Knuckle cracking side effects
Cracking your knuckles wears and tears the cartilage between the joints over a long period of time. This could contribute to arthritis.
Side effects of knuckle cracking are a weaker grip later in life, due to repeatedly rapid stretching of the ligaments.
Popping the joints elongates the joints over time and gives you the appearance of longer fingers.
The biggest danger of knuckle cracking lies in the principle of cavitation. Cavitation is when the pressure on a fluid (in this case the synovial fluid in the knuckle) suddenly is reduced. This causes the gases (nitrogen in this case) to be violently released, causing the popping sound.
Ship propellors can damage due to cavitation, and there are some signs that Knuckle cracking also causes long-term damage, at least in some people.
Elderly people with arthritis of the hand were asked who were habitual knuckle-crackers, over 50% answered affirmatively.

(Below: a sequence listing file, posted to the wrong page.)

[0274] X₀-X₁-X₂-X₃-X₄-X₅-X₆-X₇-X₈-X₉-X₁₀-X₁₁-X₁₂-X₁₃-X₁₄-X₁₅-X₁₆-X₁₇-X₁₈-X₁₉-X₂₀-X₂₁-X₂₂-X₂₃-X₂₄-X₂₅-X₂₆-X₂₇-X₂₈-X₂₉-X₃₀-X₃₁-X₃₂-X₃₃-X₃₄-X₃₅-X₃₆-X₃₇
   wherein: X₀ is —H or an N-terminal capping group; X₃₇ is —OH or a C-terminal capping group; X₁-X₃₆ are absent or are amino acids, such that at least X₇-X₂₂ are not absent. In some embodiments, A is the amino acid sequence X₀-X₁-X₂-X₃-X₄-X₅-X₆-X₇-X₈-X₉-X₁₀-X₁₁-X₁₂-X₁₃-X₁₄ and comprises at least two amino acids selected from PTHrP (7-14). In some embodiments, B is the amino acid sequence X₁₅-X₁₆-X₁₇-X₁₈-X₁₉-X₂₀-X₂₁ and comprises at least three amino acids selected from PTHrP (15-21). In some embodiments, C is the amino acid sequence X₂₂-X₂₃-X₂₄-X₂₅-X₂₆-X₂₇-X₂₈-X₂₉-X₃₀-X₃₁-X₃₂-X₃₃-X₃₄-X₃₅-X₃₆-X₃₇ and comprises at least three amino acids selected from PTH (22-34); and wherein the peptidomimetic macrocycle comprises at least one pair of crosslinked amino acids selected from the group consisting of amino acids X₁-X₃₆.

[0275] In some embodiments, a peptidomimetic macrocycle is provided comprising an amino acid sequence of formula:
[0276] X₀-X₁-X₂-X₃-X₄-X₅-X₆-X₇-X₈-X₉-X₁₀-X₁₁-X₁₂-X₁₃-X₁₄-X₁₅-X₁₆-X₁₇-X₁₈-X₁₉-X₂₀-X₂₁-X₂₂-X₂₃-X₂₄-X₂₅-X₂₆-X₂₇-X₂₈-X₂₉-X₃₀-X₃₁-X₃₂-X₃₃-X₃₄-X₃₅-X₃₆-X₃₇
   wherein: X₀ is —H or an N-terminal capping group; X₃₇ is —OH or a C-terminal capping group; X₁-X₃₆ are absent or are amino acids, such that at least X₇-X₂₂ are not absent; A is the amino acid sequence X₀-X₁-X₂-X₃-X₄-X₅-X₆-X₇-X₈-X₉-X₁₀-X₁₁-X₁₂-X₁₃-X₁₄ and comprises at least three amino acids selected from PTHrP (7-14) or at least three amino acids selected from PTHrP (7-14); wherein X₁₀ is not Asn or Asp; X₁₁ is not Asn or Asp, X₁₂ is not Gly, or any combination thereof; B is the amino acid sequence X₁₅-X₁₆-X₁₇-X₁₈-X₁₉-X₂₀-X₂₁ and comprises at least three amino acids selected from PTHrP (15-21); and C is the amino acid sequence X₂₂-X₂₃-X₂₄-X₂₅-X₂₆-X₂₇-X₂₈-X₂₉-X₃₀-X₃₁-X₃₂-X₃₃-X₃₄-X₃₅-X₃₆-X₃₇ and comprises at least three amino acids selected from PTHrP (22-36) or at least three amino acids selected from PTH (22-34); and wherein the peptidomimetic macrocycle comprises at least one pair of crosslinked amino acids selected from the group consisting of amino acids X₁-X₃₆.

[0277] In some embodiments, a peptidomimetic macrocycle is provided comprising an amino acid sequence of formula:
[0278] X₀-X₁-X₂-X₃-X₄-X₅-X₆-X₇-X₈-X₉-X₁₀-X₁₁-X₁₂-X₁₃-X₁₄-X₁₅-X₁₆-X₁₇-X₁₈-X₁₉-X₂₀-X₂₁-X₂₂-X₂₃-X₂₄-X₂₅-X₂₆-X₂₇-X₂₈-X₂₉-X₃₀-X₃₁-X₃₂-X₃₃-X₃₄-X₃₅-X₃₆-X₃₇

Another side effect of cracking the knuckles is chronic inflammatory damage to the ligamentous capsule of the metacarpophalangeal joints. Knuckle cracking can cause swelling of the hand and impairment later on.
There are several more dangers of Knuckle cracking, such as over-stretched of the ligaments and subsequent dislocation of the fingers, and the potential tearing of the ligaments in a finger.
Another side effect of Knuckle cracking is increased mobility in joints right after the popping. When joints are manipulated, the Golgi tendon organs - which are a set of nerve endings involved in our sense of motion - are stimulated and the muscles surrounding the joint become relaxed.
More about the popping sound when you crack your knuckles can be found here
This is our research on the alleged dangers of Knuckle cracking / adverse effects of Knuckle cracking and not medical advice!